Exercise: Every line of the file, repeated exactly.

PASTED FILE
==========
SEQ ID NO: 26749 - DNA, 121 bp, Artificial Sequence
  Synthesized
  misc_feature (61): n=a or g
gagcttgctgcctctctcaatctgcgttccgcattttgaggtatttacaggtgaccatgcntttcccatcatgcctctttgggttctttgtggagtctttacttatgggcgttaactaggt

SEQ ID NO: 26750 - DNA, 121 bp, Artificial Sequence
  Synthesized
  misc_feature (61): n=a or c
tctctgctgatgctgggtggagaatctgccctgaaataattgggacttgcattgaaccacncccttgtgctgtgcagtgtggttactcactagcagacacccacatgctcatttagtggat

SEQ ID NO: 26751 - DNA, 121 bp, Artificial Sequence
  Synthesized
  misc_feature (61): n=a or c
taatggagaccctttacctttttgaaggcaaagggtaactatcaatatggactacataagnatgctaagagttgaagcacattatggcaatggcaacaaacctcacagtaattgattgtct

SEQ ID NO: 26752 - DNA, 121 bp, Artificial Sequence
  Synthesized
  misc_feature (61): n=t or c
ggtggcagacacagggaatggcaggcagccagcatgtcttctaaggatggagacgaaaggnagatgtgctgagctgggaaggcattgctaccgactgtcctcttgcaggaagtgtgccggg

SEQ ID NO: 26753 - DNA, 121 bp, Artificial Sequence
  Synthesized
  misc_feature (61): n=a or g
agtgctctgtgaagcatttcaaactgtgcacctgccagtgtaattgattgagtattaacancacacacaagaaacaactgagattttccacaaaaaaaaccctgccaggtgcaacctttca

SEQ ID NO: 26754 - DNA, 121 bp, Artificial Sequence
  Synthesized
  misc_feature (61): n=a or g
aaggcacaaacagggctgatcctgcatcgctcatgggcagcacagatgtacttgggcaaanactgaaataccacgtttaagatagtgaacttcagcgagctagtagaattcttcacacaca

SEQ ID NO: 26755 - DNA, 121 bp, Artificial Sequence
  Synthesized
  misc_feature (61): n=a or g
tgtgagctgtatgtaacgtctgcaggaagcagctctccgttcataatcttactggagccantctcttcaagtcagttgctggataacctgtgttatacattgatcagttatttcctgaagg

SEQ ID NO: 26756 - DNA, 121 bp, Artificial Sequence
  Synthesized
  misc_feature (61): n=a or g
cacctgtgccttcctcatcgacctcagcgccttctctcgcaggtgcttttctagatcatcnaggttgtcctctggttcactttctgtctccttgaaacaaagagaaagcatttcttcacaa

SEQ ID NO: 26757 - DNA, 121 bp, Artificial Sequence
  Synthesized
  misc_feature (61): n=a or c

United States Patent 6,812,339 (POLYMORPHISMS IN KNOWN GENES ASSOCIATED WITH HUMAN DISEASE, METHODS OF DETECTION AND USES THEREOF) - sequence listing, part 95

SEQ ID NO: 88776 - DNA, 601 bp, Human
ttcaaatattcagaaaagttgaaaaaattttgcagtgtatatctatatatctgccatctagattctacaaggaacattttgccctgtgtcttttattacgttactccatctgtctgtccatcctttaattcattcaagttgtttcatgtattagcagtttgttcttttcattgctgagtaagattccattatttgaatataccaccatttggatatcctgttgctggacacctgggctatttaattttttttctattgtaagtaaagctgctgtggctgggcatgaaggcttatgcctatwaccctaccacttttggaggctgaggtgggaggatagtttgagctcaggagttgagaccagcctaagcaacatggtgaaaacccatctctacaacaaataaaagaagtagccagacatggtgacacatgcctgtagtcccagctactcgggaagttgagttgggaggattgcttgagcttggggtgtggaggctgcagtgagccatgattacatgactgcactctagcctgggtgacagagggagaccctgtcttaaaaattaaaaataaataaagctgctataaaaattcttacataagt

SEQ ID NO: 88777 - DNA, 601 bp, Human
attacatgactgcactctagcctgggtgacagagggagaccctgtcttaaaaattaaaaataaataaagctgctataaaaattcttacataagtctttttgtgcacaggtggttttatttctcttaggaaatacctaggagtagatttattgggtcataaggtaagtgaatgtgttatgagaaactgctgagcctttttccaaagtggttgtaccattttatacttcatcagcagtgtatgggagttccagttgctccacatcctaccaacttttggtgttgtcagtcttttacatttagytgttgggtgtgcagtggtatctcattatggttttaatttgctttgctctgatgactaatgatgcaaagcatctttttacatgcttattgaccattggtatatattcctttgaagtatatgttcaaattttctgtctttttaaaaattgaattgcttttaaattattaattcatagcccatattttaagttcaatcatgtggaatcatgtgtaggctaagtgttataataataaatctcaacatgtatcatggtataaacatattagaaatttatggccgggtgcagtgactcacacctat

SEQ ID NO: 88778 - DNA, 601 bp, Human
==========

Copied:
SEQ ID NO: 26749 - DNA, 121 bp, Artificial Sequence
  Synthesized
  misc_feature (61): n=a or g
gagcttgctgcctctctcaatctgcgttccgcattttgaggtatttacaggtgaccatgcntttcccatcatgcctctttgggttctttgtggagtctttacttatgggcgttaactaggt

SEQ ID NO: 26750 - DNA, 121 bp, Artificial Sequence
  Synthesized
  misc_feature (61): n=a or c
tctctgctgatgctgggtggagaatctgccctgaaataattgggacttgcattgaaccacncccttgtgctgtgcagtgtggttactcactagcagacacccacatgctcatttagtggat

SEQ ID NO: 26751 - DNA, 121 bp, Artificial Sequence
  Synthesized
  misc_feature (61): n=a or c
taatggagaccctttacctttttgaaggcaaagggtaactatcaatatggactacataagnatgctaagagttgaagcacattatggcaatggcaacaaacctcacagtaattgattgtct

SEQ ID NO: 26752 - DNA, 121 bp, Artificial Sequence
  Synthesized
  misc_feature (61): n=t or c
ggtggcagacacagggaatggcaggcagccagcatgtcttctaaggatggagacgaaaggnagatgtgctgagctgggaaggcattgctaccgactgtcctcttgcaggaagtgtgccggg

SEQ ID NO: 26753 - DNA, 121 bp, Artificial Sequence
  Synthesized
  misc_feature (61): n=a or g
agtgctctgtgaagcatttcaaactgtgcacctgccagtgtaattgattgagtattaacancacacacaagaaacaactgagattttccacaaaaaaaaccctgccaggtgcaacctttca

SEQ ID NO: 26754 - DNA, 121 bp, Artificial Sequence
  Synthesized
  misc_feature (61): n=a or g
aaggcacaaacagggctgatcctgcatcgctcatgggcagcacagatgtacttgggcaaanactgaaataccacgtttaagatagtgaacttcagcgagctagtagaattcttcacacaca

SEQ ID NO: 26755 - DNA, 121 bp, Artificial Sequence
  Synthesized
  misc_feature (61): n=a or g
tgtgagctgtatgtaacgtctgcaggaagcagctctccgttcataatcttactggagccantctcttcaagtcagttgctggataacctgtgttatacattgatcagttatttcctgaagg

SEQ ID NO: 26756 - DNA, 121 bp, Artificial Sequence
  Synthesized
  misc_feature (61): n=a or g
cacctgtgccttcctcatcgacctcagcgccttctctcgcaggtgcttttctagatcatcnaggttgtcctctggttcactttctgtctccttgaaacaaagagaaagcatttcttcacaa

SEQ ID NO: 26757 - DNA, 121 bp, Artificial Sequence
  Synthesized
  misc_feature (61): n=a or c

United States Patent 6,812,339 (POLYMORPHISMS IN KNOWN GENES ASSOCIATED WITH HUMAN DISEASE, METHODS OF DETECTION AND USES THEREOF) - sequence listing, part 95

SEQ ID NO: 88776 - DNA, 601 bp, Human
ttcaaatattcagaaaagttgaaaaaattttgcagtgtatatctatatatctgccatctagattctacaaggaacattttgccctgtgtcttttattacgttactccatctgtctgtccatcctttaattcattcaagttgtttcatgtattagcagtttgttcttttcattgctgagtaagattccattatttgaatataccaccatttggatatcctgttgctggacacctgggctatttaattttttttctattgtaagtaaagctgctgtggctgggcatgaaggcttatgcctatwaccctaccacttttggaggctgaggtgggaggatagtttgagctcaggagttgagaccagcctaagcaacatggtgaaaacccatctctacaacaaataaaagaagtagccagacatggtgacacatgcctgtagtcccagctactcgggaagttgagttgggaggattgcttgagcttggggtgtggaggctgcagtgagccatgattacatgactgcactctagcctgggtgacagagggagaccctgtcttaaaaattaaaaataaataaagctgctataaaaattcttacataagt

SEQ ID NO: 88777 - DNA, 601 bp, Human
attacatgactgcactctagcctgggtgacagagggagaccctgtcttaaaaattaaaaataaataaagctgctataaaaattcttacataagtctttttgtgcacaggtggttttatttctcttaggaaatacctaggagtagatttattgggtcataaggtaagtgaatgtgttatgagaaactgctgagcctttttccaaagtggttgtaccattttatacttcatcagcagtgtatgggagttccagttgctccacatcctaccaacttttggtgttgtcagtcttttacatttagytgttgggtgtgcagtggtatctcattatggttttaatttgctttgctctgatgactaatgatgcaaagcatctttttacatgcttattgaccattggtatatattcctttgaagtatatgttcaaattttctgtctttttaaaaattgaattgcttttaaattattaattcatagcccatattttaagttcaatcatgtggaatcatgtgtaggctaagtgttataataataaatctcaacatgtatcatggtataaacatattagaaatttatggccgggtgcagtgactcacacctat

SEQ ID NO: 88778 - DNA, 601 bp, Human